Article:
March 18th, 2008 (Homeschooling Socialization: Making Friends)
By Chris Nesmith
Whenever the topic of family education faces, a question is raised to be sure – that of socialization. While even the most cynical skeptics can’t deny that there are several advantages of home schooling (such as children at home have better results in all areas than their public school or private) They seem to dwell on the social aspects of family education, standing by the mistaken belief that home schooling stifles a child’s ability to socialize.
It’s actually easy to see things from their point of view and to understand why they came to such hasty conclusions. The style of home schooling implies a lower teacher-student ratio (an aspect many regard as one of the best advantages of home schooling), which means that a home-schooler has more interaction with children his or her age compared to a child who goes to school, where the interaction is virtually inevitable in a classroom.
But while skeptics argue that keeping children away from a predominantly social setting stunt their socialization, the public school supporters insist that confining children to the school will allow them to better develop their social skills. In fact, these adherents believe that improving the socialization is yet another advantage of home schooling, even though it is often overlooked.
How is this so? To begin with, home-schooled children have their parents as their main influence, and not a peer group that could childhood (and probably more) distorts their values and perspectives, significantly delaying their willingness to confront the real world. Children from the school may allow more time to interact with their peers, but to confine socialization within a certain age group (and not very mature as that in).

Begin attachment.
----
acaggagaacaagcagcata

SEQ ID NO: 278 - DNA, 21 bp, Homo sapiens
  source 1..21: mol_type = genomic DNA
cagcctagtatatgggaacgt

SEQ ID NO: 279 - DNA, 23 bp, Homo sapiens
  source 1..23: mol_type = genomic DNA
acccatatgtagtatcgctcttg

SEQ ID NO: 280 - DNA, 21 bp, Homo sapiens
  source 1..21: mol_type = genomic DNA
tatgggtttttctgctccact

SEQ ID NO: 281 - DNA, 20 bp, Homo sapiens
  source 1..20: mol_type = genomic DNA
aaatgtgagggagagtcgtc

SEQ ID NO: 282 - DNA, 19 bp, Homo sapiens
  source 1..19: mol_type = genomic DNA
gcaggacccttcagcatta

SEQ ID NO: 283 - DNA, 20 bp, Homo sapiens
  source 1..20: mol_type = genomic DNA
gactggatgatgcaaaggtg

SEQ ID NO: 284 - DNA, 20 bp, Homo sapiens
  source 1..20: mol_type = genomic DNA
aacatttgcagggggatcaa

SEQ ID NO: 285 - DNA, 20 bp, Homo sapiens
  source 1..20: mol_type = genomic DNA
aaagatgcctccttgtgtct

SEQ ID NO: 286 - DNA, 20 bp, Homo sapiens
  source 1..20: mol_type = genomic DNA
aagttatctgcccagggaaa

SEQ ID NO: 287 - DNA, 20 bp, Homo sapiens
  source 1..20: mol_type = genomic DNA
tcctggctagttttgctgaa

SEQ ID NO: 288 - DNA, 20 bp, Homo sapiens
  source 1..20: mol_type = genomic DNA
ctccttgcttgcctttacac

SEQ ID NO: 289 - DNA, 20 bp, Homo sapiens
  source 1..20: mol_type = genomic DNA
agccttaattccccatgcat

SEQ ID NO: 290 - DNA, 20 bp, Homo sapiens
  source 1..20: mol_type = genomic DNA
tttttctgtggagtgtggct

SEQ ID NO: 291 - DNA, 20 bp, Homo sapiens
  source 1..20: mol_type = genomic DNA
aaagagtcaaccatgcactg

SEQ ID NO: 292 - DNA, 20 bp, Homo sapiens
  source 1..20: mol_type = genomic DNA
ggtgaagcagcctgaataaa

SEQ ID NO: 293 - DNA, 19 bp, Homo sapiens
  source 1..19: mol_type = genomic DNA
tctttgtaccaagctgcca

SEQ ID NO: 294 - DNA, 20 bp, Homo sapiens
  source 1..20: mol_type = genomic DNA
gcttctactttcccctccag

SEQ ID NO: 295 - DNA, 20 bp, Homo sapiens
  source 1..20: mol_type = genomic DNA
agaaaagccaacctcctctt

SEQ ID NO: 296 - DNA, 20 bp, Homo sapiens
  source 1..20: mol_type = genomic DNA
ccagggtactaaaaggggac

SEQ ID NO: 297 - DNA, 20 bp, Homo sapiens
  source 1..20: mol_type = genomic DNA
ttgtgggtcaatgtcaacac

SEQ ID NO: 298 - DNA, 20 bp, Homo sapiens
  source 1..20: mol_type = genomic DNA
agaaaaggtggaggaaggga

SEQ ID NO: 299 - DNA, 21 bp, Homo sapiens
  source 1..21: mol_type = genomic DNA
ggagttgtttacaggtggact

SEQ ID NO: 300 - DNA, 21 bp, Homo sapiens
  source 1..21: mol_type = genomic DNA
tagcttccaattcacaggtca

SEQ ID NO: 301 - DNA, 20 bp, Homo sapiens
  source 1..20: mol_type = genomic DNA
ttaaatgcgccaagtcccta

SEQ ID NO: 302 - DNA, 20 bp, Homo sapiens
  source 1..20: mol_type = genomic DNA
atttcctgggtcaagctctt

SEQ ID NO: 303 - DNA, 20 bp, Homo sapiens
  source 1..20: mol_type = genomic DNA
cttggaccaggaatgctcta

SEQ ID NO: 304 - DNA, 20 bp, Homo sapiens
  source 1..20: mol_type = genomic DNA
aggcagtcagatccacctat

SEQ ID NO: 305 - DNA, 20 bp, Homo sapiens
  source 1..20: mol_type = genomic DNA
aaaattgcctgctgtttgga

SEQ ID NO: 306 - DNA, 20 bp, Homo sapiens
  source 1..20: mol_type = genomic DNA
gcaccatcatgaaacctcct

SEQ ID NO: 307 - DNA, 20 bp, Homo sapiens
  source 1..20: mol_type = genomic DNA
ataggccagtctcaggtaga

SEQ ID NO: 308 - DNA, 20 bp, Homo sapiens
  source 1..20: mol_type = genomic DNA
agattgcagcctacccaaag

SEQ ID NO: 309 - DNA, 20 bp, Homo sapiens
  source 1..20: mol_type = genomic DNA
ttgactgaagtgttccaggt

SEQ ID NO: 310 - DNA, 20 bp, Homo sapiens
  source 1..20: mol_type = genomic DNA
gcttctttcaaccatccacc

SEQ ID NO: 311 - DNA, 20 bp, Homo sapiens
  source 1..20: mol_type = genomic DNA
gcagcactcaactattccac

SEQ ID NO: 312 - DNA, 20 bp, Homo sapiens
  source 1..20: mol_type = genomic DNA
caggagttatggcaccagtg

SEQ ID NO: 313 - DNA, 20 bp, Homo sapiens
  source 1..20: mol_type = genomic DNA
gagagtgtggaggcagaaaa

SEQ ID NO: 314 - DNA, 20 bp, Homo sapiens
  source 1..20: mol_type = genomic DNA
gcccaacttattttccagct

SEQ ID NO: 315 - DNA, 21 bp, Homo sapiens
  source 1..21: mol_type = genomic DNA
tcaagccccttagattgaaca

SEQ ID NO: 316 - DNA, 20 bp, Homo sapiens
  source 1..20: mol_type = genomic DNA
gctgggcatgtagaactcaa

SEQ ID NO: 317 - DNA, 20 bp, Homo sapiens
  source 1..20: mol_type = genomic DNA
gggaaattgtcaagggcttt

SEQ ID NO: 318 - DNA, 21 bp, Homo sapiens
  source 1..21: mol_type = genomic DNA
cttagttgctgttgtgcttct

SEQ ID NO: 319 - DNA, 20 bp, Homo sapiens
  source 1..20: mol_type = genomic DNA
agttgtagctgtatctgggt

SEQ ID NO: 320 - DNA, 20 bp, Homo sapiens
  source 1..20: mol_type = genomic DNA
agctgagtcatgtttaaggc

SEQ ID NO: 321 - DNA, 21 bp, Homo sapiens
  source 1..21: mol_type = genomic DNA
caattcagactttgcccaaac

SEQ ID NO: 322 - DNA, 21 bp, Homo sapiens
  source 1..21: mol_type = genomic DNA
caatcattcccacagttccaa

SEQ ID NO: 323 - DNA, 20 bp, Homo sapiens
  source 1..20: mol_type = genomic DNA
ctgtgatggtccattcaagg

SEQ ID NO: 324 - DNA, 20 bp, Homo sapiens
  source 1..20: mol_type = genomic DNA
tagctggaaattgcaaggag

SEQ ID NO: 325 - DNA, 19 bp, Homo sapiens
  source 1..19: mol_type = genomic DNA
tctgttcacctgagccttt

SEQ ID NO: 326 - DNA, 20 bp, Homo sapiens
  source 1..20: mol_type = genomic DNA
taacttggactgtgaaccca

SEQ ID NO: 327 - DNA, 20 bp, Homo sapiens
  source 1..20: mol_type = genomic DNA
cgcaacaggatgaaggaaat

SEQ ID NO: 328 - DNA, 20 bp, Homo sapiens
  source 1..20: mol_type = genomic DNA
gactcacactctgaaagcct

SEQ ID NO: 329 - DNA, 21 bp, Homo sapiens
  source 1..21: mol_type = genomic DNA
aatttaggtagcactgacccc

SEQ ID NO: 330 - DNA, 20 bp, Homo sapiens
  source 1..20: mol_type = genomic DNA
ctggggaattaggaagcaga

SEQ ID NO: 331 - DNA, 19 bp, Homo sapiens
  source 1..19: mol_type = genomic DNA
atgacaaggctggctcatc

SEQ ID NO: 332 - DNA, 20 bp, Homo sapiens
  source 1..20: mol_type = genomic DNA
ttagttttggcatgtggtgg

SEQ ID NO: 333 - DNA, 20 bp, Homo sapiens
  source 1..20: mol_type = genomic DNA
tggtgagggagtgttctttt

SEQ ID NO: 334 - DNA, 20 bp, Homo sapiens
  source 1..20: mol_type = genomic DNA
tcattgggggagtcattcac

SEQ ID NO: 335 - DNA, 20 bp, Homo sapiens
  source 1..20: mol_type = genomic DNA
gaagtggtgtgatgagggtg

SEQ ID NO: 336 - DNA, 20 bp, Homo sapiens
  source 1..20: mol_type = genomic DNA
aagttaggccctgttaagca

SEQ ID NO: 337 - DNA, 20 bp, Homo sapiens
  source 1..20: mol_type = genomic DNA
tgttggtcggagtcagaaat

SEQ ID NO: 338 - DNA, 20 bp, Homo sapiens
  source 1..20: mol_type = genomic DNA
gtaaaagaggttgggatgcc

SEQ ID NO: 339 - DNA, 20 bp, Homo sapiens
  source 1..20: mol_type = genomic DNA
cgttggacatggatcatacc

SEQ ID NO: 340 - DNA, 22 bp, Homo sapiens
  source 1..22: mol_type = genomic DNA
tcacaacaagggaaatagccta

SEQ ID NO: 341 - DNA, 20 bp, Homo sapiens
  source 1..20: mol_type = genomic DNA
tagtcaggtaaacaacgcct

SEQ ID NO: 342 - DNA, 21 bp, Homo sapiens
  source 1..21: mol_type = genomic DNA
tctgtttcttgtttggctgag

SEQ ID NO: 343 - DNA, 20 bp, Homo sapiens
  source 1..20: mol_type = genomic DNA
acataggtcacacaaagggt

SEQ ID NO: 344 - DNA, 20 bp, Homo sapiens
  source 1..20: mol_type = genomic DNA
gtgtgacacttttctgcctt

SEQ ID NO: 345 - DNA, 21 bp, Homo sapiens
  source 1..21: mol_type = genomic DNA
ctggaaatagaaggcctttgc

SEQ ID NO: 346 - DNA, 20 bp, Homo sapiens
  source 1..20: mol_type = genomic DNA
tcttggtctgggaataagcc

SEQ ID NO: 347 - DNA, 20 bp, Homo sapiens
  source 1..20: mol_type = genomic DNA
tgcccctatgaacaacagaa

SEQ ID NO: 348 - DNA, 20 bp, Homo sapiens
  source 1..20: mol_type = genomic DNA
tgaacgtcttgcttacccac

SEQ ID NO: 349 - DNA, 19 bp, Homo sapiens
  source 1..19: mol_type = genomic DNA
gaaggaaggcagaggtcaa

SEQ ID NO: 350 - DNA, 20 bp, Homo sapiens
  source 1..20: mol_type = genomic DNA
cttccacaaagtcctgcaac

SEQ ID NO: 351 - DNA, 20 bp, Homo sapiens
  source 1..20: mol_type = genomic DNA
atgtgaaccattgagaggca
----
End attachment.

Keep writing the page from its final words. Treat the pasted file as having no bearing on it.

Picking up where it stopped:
The style of home schooling, on the other hand, gives children the chance to be influenced by people who know what they are like in the real world and whose priorities are passing on a good set of values, as opposed to Impose misconceptions of what’s “cool” and what’s not. What’s more, these kids get to interact with people of different ages, simply by staying in their parents’ protective wing, teaching them to socialize outside of their age group and allow for a broader, more mature point of view.
And indeed, to be educated at home doesn’t mean that a child can interact with his peers at all. There’s a lot of time to do that when the school and most of the day lessons were made. Concerns naturally come to the socialization of those who have never had any experience of home schooling to begin with. But those who are lucky enough to have dared to try knowing that socialization isn’t a problem have come to the realization that home schooling is just as effective social as the surrounding public and private schools.
For more information please take a look at my blog: http://socialhomeschooling.blogspot.com/
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